Mark Cuban Slams SEC’s Ambiguous and Outdated Crypto Labeling

Cuban has shown that the SEC is approaching crypto harsher than other areas.

Mark Cuban appears to be angry, whilst Gery Gensler looking at him in the background smiling.
  • Mark Cuban has compared the SEC’s approach to crypto with stock loans.
  • The SEC seems to be taking different approaches to the same thing.
  • Cuban states that labeling a crypto as a security is not black and white. 

The SEC’s outright attack on the crypto industry has led many to delve deeper into the U.S.’s securities law. Some, including high-profile celebrity investors, have spotted some difficulties in the current approach to digital assets.

Billionaire business mogul Mark Cuban has taken to Twitter to slam the way in which the SEC is taking to enforcing securities law on the crypto industry. He has compared the SEC’s approach to the stock loan industry and noted that: “it [is] near impossible to know… what is or is not a security in the crypto universe.”

 “One Industry vs. Another”

In an earlier tweet, Cuban outlined a fact sheet produced by the SEC which saw the agency call the stock loan industry “opaque” and requiring transparency.

The ambiguity in the SEC’s approach to the stock loan industry and crypto was highlighted by Cuban, who points out that the SEC is not calling stock loans a security as they are trying to do with the loaning of crypto assets. Nor are they suing the Stock Loan Departments of brokers or banks.

The approach the SEC has taken in this financial space is to go through a comments process, which Cuban believes should be afforded to the crypto space as it would help them determine, truly, “which aspects of crypto are securities and which are not and the best way to regulate the industry and protect investors.”

He added: “I think their difference in approach is emblematic of their intent for one industry vs. another.”

May, or May Not, be a Security

On June 11, Cuban pointed out that information from the SEC’s website appeared to be outdated and in conflict with how the SEC was enforcing its laws on the crypto sector. 

The page explains how the Howey Test is used on tokens, but according to Cuban, none of the elements presented on the above page are part of the SEC registration process.

“Which makes it near impossible to know, with or without an army of securities lawyers, what is or is not a security in the crypto universe,” Cuban concluded.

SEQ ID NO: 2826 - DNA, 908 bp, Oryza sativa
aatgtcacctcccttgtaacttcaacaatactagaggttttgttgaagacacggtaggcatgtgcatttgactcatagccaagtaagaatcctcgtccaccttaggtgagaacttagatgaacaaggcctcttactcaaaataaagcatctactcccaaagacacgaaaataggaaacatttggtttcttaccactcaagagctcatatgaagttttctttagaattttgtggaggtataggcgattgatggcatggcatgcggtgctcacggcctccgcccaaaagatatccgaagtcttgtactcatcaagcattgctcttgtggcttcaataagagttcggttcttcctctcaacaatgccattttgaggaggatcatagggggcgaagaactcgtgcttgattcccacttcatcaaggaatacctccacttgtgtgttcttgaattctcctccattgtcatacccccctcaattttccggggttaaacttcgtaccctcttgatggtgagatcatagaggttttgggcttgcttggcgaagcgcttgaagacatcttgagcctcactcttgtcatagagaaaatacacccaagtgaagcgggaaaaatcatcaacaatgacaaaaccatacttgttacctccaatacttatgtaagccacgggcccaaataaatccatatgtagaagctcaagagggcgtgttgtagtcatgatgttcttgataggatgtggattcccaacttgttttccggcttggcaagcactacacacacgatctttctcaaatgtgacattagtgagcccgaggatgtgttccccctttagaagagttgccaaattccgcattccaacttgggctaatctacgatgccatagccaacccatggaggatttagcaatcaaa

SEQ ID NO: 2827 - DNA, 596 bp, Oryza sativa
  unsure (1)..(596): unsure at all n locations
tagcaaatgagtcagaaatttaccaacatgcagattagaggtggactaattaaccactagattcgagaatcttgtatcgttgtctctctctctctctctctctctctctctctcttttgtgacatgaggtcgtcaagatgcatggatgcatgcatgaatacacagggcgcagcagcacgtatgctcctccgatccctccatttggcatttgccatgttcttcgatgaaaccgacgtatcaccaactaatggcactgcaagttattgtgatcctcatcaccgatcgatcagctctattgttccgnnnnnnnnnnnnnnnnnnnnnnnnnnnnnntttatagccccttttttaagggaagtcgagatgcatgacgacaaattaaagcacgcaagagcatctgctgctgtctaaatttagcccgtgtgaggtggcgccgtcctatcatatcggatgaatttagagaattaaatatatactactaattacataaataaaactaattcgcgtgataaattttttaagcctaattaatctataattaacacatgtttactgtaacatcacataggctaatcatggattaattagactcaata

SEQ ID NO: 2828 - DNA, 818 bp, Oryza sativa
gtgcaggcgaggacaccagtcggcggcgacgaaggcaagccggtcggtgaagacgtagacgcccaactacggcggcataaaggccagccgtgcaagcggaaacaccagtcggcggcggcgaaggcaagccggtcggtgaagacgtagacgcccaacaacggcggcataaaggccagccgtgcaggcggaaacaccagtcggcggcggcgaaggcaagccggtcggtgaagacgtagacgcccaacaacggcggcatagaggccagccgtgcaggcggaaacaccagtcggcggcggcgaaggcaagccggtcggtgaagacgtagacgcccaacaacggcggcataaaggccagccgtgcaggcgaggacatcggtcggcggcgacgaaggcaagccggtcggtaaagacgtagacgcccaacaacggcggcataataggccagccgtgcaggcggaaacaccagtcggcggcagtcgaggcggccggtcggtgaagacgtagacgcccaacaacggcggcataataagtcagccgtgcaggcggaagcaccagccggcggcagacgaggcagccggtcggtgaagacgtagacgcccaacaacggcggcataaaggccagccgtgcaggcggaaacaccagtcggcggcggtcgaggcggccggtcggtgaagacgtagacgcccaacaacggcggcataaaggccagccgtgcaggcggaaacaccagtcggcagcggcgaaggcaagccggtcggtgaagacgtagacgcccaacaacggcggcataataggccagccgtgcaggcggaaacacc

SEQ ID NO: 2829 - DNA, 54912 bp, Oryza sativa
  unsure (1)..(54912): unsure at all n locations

On the Flipside

  • Despite the inconsistencies and seemingly unfair bias against crypto from the SEC, its chair, Gary Gensler, said there was fair warning given. He said: “When crypto asset market participants go on Twitter or TV and say they lacked ‘fair notice’ that their conduct could be illegal, don’t believe it.”

Why This Matters

If it is the case that the SEC’s interpretation of its laws is unfairly biased against the crypto market, it would dent its credibility as the agency that should lead regulation in the U.S. A major debate is brewing about the classification of tokens and coins as securities, and this could be a watershed moment. 

Read more about Gensler’s defense of the crypto crackdown:

Exchanges Were Warned: SEC Chair Gensler Defends Crypto Crackdown

Read more about Cathie Wood buying up under-fire crypto shares:

Cathie Wood Loads up on Coinbase, Block.One Shares Despite SEC Attack

This article is for information purposes only and should not be considered trading or investment advice. Nothing herein shall be construed as financial, legal, or tax advice. Trading forex, cryptocurrencies, and CFDs pose a considerable risk of loss.

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Darryn Pollock

Darryn Pollock is a South African-born, UK-based journalist and content writer for DailyCoin with a focus on regulation and legislation revolving around the cryptocurrency space. He has covered the evolving crypto regulatory space, and examined how the US has approached law-making to offer protection in the growth of innovation. Darryn values traditional journalistic principles of truth, accuracy, independence, fairness, and impartiality, and has a Bachelor of Arts degree in Journalism and Law from Rhodes University in South Africa.